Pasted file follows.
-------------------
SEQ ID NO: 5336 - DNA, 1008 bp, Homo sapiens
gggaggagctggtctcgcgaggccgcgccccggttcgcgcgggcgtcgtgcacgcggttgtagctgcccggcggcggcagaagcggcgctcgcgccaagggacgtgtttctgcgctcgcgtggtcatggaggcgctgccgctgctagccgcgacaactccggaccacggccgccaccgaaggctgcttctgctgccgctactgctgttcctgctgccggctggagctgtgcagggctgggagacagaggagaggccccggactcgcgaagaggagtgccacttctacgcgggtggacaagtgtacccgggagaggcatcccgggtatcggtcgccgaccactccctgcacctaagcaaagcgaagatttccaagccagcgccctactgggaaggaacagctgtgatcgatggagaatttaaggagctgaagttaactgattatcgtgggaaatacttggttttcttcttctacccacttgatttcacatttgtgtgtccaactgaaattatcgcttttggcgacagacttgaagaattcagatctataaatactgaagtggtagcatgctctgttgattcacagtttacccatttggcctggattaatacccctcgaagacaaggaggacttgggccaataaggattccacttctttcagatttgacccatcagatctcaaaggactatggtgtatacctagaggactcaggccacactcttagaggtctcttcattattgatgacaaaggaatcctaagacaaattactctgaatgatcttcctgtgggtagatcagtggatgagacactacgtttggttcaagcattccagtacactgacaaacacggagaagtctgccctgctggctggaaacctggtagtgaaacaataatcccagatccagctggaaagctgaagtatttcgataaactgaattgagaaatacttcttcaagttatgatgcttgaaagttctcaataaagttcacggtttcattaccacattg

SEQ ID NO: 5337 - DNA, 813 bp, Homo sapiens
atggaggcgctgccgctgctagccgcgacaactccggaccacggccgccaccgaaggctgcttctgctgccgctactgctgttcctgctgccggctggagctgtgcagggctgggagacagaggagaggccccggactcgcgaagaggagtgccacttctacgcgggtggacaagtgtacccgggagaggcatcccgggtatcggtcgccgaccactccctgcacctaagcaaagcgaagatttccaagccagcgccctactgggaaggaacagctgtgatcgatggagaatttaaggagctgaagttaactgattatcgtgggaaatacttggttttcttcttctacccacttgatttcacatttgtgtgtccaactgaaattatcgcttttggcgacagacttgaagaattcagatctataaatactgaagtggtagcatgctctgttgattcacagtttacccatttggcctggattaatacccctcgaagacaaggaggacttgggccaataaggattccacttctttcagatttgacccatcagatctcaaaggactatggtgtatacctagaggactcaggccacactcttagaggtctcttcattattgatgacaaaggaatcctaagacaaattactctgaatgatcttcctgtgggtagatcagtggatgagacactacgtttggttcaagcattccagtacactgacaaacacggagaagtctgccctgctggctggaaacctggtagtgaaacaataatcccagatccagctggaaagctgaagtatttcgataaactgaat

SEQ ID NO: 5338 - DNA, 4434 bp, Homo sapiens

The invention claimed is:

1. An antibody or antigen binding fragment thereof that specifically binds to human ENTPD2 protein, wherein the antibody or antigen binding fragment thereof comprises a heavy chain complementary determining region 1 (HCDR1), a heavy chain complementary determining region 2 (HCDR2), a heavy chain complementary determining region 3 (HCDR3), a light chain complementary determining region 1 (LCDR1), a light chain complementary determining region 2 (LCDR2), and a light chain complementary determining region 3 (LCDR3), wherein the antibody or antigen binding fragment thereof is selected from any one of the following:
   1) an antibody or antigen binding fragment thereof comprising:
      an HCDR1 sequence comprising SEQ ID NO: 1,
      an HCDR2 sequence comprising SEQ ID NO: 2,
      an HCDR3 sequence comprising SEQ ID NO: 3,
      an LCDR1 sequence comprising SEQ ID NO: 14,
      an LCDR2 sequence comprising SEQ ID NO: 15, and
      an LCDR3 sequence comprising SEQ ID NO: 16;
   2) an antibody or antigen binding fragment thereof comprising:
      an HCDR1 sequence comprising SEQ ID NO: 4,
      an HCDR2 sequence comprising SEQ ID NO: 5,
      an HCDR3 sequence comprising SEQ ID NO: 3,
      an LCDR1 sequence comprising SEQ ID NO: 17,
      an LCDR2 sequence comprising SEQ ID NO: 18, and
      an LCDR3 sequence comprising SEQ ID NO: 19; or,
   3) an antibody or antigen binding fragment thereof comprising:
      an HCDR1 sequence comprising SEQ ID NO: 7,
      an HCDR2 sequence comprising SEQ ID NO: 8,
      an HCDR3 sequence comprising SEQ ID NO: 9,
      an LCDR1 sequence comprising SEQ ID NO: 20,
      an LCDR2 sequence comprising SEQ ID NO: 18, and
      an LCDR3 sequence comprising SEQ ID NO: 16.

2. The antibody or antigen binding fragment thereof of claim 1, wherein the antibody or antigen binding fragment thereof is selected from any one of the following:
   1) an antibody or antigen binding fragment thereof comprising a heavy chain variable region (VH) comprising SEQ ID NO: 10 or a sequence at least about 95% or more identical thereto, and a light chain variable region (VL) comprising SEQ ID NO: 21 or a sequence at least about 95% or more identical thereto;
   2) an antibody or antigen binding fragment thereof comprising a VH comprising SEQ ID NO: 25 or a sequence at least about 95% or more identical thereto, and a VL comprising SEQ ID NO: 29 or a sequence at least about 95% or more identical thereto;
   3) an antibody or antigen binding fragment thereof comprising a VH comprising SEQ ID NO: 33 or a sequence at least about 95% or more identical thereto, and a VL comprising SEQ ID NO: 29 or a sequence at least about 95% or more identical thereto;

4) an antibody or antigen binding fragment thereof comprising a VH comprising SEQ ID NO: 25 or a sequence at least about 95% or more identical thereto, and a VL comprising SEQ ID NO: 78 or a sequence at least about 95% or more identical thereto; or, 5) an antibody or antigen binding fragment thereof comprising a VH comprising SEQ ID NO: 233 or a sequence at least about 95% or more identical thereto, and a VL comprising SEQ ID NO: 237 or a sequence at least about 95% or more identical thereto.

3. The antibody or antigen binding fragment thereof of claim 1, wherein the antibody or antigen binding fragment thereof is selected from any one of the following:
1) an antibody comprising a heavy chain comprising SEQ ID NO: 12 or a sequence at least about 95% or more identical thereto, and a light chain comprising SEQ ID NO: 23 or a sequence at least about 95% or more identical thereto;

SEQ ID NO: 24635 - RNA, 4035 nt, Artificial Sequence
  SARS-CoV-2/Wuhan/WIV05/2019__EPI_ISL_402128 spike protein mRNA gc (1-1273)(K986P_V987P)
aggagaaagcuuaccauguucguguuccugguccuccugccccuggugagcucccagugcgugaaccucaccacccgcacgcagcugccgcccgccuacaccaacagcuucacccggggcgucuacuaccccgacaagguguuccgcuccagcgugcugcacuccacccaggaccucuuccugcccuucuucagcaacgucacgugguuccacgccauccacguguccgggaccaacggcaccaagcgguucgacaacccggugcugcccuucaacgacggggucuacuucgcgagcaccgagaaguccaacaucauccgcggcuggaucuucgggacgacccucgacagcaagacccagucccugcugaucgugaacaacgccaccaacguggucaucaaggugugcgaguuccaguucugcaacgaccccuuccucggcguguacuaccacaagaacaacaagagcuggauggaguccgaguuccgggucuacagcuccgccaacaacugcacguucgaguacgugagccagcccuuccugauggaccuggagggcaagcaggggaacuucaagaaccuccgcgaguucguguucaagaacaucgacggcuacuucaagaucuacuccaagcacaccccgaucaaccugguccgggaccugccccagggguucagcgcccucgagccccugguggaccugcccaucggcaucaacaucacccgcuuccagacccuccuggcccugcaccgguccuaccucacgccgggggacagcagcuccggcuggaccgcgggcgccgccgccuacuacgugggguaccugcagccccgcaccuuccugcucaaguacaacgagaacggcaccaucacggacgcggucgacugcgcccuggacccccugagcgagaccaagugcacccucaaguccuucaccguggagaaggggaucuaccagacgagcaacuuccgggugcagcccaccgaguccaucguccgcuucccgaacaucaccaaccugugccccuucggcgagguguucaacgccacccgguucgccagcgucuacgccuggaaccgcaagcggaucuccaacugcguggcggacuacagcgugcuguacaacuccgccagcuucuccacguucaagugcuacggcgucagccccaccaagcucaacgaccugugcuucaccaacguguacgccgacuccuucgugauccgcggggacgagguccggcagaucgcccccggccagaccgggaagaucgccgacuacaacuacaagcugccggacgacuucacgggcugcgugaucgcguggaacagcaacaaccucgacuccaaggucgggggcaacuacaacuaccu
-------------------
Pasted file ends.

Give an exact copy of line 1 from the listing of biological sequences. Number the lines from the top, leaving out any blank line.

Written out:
SEQ ID NO: 5336 - DNA, 1008 bp, Homo sapiens